Speaking at the Caesarea Economic Forum in Rishon Lezion, Gafni said, "I'm in favor of young haredim enlisting in the IDF. I am in favor of an 18-year-old student from Ponevezh Yeshiva halting his studies, taking a kit bag, traveling to the recruit center and joining a combat unit.
"But the people of Israel have always been divided between those who worked and fought and those who studied Torah. The Bible and the Mishna both talk about such a division. So if haredi students enlist in the IDF, an equal number of young people from north Tel Aviv, young seculars, should study Torah."
According to Gafni, the young seculars will have to study Torah all day and all night, "just like haredi students do." He wondered whether anyone would be willing to do such a thing.
Asked by Ynet whether it would be okay for the seculars to study Torah from a non-Orthodox angle, Gafni responded: "They can study from whichever angle they want, as long as it's from morning to night."
The Finance Committee chairman noted that Torah studies were essential, adding that "the Torah is the justification for our existence here. Otherwise, what are we doing here on Arab land? After all, the Hashomer Hatzair kibbutzim are also located on Arab land, not just the settlements in the territories.
"We are all occupiers. Our only right to be here is that God Almighty handed out countries, and gave us this small piece of land to safeguard the Torah."
'Haredim are better employees'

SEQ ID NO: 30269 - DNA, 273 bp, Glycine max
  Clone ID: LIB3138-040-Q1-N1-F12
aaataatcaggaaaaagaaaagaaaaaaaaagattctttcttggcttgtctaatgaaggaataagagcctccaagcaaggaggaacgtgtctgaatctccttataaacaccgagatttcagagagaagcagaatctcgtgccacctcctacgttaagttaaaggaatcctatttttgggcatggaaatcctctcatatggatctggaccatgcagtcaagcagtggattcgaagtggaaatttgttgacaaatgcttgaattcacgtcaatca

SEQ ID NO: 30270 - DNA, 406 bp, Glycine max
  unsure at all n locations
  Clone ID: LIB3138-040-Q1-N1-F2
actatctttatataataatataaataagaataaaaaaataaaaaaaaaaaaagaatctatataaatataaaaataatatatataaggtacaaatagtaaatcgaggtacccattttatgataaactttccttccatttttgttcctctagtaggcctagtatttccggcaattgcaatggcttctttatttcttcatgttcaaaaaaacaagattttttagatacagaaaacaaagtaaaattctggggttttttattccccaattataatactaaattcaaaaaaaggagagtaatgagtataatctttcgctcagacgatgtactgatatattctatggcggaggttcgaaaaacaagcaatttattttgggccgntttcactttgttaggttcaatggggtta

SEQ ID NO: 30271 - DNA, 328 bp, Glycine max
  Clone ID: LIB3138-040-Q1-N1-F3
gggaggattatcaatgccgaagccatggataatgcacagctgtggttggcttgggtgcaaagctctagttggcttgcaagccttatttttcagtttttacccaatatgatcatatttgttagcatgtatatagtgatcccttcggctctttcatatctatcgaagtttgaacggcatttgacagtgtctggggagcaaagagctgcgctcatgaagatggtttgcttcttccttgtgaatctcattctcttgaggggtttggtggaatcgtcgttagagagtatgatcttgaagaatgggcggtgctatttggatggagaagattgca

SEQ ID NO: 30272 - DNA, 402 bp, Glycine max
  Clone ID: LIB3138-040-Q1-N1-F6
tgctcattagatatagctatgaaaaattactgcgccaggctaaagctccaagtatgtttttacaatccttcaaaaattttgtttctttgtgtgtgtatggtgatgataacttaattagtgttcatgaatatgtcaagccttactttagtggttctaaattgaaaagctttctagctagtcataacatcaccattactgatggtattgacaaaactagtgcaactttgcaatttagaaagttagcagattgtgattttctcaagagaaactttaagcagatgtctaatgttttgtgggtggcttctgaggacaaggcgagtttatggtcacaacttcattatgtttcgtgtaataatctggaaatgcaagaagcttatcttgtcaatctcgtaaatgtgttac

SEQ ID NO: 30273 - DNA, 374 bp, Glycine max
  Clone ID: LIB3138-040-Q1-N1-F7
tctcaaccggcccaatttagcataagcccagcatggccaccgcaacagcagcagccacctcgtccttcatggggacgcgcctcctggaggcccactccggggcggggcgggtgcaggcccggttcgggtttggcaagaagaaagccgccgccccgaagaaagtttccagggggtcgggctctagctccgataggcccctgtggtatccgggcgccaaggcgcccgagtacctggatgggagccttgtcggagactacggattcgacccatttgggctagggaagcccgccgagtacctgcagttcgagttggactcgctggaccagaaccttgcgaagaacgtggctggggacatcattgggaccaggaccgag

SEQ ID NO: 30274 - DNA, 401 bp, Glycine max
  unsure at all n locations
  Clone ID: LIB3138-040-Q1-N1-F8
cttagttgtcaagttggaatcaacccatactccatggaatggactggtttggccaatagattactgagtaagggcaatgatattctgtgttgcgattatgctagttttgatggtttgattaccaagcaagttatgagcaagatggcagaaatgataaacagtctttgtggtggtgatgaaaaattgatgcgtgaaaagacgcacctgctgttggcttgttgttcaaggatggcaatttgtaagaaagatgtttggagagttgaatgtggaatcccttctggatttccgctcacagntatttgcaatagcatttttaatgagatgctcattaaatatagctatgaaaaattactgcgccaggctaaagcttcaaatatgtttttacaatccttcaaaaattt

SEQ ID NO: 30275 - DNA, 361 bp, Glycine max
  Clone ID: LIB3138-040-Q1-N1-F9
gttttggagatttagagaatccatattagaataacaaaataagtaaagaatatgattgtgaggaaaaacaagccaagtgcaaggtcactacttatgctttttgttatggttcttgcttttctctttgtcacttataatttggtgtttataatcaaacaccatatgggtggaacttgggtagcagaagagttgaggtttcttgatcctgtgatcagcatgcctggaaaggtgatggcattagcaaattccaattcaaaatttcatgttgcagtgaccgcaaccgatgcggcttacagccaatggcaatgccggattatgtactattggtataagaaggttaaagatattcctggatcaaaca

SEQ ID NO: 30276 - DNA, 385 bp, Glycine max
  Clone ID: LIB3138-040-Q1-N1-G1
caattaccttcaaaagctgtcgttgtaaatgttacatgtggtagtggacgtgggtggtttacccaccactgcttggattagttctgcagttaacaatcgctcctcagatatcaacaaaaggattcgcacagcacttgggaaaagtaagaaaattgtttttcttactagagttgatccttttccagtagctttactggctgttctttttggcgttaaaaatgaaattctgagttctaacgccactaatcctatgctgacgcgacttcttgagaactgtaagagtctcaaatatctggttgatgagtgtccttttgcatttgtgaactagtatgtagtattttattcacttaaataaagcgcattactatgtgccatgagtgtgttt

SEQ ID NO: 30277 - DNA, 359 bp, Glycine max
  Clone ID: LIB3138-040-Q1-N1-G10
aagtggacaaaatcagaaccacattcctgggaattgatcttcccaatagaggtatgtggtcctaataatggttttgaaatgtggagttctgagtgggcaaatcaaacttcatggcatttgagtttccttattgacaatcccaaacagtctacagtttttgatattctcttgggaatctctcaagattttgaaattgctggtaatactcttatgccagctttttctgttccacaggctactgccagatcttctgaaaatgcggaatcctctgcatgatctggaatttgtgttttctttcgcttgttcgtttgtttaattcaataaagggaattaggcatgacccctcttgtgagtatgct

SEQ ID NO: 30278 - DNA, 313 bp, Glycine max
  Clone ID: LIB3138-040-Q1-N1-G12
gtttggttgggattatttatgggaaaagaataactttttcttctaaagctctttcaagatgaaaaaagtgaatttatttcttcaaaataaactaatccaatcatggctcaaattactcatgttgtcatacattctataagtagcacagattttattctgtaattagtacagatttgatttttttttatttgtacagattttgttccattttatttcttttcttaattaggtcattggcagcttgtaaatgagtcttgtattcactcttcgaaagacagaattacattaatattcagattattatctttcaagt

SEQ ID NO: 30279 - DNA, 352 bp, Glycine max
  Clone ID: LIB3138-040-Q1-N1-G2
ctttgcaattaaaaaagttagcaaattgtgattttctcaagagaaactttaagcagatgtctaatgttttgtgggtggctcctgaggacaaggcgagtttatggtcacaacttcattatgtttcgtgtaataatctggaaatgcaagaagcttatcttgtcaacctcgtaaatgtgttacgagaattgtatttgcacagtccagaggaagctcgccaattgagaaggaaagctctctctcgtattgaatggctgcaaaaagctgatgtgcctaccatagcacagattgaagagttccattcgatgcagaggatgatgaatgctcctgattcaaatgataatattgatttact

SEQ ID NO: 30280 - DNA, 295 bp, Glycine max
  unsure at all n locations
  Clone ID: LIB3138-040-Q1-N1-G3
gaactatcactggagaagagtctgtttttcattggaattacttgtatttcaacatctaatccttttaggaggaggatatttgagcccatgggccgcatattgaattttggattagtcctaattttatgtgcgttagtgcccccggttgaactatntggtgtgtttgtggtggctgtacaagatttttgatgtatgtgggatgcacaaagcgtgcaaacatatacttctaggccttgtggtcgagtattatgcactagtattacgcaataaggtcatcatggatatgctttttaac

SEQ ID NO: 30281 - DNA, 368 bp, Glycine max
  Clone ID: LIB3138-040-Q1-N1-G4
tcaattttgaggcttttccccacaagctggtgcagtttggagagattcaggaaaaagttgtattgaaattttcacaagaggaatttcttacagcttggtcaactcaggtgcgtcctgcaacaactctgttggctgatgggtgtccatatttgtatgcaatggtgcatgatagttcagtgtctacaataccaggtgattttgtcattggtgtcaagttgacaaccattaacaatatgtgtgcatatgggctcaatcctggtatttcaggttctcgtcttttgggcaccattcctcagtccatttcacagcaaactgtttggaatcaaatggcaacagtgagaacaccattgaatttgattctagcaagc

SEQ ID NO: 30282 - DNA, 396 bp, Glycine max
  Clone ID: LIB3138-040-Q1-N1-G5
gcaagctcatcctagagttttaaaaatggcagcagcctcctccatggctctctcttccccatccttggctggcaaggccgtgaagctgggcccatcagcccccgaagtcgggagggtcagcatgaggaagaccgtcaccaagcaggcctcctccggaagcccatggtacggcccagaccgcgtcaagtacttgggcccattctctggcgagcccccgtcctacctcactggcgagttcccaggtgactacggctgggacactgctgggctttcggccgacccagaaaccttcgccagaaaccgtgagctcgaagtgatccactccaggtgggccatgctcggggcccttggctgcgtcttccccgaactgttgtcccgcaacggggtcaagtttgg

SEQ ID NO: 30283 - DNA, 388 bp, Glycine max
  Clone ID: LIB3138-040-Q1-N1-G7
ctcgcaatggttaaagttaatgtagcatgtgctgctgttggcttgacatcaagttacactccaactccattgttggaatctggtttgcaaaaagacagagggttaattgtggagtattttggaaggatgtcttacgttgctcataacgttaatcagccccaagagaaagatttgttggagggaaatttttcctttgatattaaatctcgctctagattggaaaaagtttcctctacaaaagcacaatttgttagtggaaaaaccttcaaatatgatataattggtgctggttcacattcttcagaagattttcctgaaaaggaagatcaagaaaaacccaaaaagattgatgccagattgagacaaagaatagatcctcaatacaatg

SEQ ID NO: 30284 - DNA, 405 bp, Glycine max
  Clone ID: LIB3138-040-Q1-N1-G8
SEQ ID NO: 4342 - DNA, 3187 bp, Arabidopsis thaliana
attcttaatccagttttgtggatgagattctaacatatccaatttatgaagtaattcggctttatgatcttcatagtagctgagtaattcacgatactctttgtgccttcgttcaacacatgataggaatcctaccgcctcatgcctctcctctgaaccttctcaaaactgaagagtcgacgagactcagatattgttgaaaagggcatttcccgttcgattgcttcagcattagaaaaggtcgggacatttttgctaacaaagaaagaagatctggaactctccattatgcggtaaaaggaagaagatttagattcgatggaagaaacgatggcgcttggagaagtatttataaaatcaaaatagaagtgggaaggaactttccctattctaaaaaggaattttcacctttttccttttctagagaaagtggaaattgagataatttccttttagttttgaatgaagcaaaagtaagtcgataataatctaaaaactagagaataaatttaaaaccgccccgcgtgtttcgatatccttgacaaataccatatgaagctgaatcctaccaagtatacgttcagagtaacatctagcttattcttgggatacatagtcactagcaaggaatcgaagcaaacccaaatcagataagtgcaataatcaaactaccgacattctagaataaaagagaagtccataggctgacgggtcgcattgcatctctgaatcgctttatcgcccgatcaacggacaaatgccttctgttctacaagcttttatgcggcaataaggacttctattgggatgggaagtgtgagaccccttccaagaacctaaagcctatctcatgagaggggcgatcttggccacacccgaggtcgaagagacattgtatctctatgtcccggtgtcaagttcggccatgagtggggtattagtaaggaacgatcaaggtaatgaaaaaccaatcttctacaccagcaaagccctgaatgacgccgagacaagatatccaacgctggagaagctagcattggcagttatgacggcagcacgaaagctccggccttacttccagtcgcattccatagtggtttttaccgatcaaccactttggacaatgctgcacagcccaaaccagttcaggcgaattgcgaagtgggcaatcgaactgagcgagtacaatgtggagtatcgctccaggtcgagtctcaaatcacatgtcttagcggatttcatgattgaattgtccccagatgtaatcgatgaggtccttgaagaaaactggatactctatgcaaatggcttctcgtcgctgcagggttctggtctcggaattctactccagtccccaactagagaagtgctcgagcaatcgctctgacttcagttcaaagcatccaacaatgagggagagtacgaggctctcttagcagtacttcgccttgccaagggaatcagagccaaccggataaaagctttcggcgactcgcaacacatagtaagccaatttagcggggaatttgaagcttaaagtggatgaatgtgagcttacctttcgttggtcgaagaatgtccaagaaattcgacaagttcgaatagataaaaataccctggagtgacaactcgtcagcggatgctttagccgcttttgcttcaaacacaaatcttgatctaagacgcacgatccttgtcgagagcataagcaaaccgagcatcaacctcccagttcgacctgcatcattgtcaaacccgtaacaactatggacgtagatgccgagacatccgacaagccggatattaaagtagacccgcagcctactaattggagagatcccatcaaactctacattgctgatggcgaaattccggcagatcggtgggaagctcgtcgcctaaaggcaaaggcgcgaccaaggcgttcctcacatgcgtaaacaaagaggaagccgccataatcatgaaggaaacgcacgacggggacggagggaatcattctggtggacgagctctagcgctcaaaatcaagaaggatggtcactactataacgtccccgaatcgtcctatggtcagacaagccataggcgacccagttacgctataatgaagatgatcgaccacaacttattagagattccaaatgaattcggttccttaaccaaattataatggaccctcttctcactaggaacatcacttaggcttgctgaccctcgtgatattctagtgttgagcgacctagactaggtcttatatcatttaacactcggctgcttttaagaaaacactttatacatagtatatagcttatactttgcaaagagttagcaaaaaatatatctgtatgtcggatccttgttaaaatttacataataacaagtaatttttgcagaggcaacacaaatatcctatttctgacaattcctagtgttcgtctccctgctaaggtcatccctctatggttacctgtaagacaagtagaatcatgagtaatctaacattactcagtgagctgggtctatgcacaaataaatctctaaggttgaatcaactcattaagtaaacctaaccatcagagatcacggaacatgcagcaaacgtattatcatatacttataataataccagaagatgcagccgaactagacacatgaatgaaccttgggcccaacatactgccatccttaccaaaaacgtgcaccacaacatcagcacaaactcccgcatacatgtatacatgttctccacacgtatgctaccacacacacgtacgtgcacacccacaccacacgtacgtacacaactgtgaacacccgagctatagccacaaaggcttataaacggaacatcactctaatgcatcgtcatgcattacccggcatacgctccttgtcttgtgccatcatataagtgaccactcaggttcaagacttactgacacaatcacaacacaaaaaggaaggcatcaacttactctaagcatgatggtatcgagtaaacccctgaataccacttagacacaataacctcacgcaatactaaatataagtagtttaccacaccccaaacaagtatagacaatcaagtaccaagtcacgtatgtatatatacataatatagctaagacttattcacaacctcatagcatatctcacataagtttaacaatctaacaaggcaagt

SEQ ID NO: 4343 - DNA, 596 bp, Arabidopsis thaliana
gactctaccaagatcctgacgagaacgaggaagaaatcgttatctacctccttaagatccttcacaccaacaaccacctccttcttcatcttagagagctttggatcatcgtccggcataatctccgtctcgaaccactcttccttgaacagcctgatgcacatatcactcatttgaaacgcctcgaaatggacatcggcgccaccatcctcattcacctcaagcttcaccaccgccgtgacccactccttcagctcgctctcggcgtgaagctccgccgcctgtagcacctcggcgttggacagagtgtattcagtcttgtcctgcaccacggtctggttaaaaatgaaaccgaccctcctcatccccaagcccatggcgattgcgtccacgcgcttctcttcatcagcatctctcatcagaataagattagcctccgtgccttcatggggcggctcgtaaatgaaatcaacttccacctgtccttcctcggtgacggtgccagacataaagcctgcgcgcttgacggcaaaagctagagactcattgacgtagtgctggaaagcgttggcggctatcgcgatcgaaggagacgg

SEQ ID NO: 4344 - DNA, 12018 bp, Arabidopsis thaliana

The conference, attended by Israel's economy leaders, was dedicated to the employment of haredim and Arabs. According to Gafni, the State must recognize haredi education as education for all intents and purposes, and force employers to hire people based on their Torah education.
"Haredi workers, the few people who do get hired, are usually better employees than regular workers due to the learning tools they receive at the yeshiva," he argued.
Surprisingly, Gafni was supported by Finance Minister Yuval Steinitz, who said: "In principle, I agree with MK Gafni. I am in favor of professional training for haredim, and the government is acting on this.
"I am in favor of core studies, like English and mathematics, and in any case – haredi studies are studies for all intents and purposes and we must recognize that, because they train people to learn."
Former MK Chaim Oron (Meretz) and Steinitz's former advisor, Omer Moav, expressed their strong objection to the proposal.
According to Oron, "The core studies are the only way for all sectors, especially the haredi sector, to integrate into the labor market. If that doesn't happen – all figures show that the more the population which does not study the core subject grows, we'll deteriorate."
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